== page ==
President of the United Nations Security Council

The President of the United Nations Security Council is the presiding officer of that body. The President is the head of the delegation from the United Nations Security Council member state that holds the rotating presidency.

United Nations Security Council one of the six principal organs of the UN, charged with the maintenance of international peace and security

The United Nations Security Council (UNSC) is one of the six principal organs of the United Nations (UN), charged with ensuring international peace and security, accepting new members to the United Nations and approving any changes to its charter. Its powers include the establishment of peacekeeping operations and international sanctions as well as the authorization of military actions through resolutions – it is the only body of the United Nations with the authority to issue binding resolutions to member states. The council held its first session on 17 January 1946.

Soviet Union 1922–1991 country in Europe and Asia

The Soviet Union, officially the Union of Soviet Socialist Republics (USSR), was a socialist state in Eurasia that existed from 1922 to 1991. Nominally a union of multiple national Soviet republics, its government and economy were highly centralized. The country was a one-party state, governed by the Communist Party with Moscow as its capital in its largest republic, the Russian Soviet Federative Socialist Republic. Other major urban centres were Leningrad, Kiev, Minsk, Alma-Ata, and Novosibirsk. It spanned over 10,000 kilometres east to west across 11 time zones, and over 7,200 kilometres north to south. It had five climate zones: tundra, taiga, steppes, desert and mountains.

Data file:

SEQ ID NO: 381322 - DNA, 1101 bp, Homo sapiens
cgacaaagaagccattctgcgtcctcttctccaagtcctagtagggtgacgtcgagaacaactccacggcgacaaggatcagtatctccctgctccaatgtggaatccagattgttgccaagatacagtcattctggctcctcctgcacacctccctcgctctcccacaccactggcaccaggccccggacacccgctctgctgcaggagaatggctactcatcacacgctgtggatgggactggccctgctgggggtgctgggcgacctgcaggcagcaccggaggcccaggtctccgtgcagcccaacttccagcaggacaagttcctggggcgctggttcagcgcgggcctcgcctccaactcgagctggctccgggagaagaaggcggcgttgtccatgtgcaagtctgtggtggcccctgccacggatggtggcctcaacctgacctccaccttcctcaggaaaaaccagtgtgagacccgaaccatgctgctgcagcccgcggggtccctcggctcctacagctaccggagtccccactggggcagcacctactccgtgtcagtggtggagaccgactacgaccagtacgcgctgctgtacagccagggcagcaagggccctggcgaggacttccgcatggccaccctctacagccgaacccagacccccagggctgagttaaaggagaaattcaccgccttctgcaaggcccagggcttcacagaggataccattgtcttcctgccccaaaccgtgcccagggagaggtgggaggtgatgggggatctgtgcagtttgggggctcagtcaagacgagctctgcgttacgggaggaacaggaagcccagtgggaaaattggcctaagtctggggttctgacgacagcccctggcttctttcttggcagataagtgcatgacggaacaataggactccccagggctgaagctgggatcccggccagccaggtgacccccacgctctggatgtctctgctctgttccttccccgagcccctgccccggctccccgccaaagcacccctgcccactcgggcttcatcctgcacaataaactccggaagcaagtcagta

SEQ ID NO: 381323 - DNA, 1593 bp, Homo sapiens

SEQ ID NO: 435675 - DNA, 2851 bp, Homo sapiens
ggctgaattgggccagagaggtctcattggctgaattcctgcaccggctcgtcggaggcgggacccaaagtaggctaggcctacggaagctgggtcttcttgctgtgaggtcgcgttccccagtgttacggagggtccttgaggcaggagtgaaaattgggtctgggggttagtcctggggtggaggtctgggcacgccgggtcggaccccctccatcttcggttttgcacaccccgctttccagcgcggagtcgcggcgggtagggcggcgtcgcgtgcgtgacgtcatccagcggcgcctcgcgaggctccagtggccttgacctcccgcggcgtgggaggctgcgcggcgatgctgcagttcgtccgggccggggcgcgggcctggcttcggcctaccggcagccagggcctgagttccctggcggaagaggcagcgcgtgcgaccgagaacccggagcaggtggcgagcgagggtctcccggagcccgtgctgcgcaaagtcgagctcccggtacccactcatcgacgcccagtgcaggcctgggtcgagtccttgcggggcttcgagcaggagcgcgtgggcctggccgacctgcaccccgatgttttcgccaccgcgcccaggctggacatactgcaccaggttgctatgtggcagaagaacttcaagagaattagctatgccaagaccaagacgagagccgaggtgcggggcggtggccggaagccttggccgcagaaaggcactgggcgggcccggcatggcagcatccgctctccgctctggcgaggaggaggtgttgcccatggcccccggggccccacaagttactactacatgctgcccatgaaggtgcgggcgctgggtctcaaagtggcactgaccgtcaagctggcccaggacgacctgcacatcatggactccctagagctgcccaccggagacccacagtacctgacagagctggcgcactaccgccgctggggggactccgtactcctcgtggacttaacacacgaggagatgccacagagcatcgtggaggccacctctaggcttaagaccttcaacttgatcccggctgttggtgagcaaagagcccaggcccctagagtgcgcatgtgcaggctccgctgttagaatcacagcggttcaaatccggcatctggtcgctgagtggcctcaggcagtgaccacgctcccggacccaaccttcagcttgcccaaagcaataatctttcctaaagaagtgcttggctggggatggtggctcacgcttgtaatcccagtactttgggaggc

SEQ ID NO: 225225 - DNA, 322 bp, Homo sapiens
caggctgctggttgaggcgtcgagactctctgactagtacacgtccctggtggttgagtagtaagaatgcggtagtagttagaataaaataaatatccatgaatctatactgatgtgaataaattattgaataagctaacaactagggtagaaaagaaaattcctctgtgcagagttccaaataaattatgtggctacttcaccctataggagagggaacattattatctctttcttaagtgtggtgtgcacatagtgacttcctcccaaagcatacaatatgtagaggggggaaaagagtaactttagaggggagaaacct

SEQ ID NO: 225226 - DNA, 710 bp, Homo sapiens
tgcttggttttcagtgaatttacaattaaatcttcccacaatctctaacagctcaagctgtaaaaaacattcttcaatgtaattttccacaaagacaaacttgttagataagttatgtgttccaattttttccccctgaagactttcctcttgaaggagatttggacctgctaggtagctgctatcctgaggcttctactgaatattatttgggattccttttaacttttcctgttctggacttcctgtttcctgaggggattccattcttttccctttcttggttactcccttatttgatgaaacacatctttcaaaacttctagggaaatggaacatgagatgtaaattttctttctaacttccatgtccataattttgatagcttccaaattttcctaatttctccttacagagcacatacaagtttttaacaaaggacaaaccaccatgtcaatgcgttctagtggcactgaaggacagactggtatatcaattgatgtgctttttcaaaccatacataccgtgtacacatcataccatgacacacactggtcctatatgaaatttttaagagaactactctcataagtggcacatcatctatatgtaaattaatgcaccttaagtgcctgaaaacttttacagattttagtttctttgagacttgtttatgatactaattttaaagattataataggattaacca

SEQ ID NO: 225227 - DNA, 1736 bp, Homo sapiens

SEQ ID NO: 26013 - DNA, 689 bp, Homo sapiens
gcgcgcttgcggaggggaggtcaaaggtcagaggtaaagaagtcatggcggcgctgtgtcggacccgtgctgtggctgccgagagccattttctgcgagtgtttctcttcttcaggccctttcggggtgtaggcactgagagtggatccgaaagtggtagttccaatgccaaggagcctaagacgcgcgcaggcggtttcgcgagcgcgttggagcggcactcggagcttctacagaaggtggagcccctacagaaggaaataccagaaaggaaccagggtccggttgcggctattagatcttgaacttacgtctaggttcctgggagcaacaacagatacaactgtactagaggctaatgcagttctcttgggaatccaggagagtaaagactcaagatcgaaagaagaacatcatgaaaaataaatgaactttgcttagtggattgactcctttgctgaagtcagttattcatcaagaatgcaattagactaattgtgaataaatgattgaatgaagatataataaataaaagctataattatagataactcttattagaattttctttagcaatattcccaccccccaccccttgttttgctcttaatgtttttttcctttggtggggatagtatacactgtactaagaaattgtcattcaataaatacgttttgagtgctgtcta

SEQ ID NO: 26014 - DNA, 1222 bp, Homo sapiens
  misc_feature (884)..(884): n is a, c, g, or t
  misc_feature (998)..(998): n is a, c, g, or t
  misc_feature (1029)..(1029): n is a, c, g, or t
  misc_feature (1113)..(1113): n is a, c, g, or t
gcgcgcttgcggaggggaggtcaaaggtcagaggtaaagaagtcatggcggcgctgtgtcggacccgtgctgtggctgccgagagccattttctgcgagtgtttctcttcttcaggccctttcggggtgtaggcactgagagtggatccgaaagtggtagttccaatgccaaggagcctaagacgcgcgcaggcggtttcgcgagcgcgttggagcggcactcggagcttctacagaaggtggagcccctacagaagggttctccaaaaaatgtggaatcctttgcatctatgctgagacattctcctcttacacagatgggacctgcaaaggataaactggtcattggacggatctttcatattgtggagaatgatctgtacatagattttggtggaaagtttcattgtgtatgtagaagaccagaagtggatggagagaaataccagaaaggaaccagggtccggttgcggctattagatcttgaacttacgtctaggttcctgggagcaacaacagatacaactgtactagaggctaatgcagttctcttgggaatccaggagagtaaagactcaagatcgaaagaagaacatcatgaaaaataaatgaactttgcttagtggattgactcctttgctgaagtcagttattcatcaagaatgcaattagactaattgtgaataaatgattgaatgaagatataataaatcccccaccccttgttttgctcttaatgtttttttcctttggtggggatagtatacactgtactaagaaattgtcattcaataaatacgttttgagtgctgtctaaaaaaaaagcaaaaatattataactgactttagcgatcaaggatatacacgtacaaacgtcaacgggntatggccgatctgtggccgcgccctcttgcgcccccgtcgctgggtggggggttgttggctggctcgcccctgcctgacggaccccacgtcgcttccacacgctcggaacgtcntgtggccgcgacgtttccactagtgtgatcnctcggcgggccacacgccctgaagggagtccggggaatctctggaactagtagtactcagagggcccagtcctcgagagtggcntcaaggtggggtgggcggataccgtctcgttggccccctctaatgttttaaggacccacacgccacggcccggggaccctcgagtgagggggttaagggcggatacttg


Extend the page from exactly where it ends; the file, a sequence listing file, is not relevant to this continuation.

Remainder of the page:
Agreed Activities Mechanism

The peace treaty includes a stipulation, called the Agreed Activities Mechanism, that allows Egypt and Israel to jointly alter the arrangements of Egyptian troops in the Sinai without having to officially review the treaty itself. Israel has allowed Egypt to deploy forces to central and eastern Sinai out of mutual security concerns, such as the presence of jihadi militant groups in these areas. These alterations are coordinated through the MFO. [4]

In January 2011, during widespread protests by Egyptians against their government, Israel agreed to allow Egypt to move several hundred troops into the Sinai Peninsula for the first time since the peace treaty was signed. [5] With Israel's agreement, Egypt moved two battalions, about 800 soldiers, into the Sharm el-Sheikh area on Sinai's southern tip, far from Israel. [5]

In August 2012, Israel agreed that Egypt could deploy additional forces, including attack helicopters, in the northern Sinai to combat militants who had carried out an attack on Egyptian border guards that left 16 dead. [6] [7] Later that month, Egypt moved additional heavy weaponry into the demilitarized zone without Israeli approval, in violation of the peace treaty terms. [7] [8] Egypt said that the deployment of these troops and weapons was in keeping with agreements reached with Israel in 2011. [8] Israel reportedly asked the United States to mediate this dispute. [8] Shortly thereafter, Egyptian defense minister Abdel Fattah el-Sisi reportedly assured his Israeli counterpart, Ehud Barak, that Egypt was committed to maintaining the 1979 Camp David peace treaty with Israel. [9]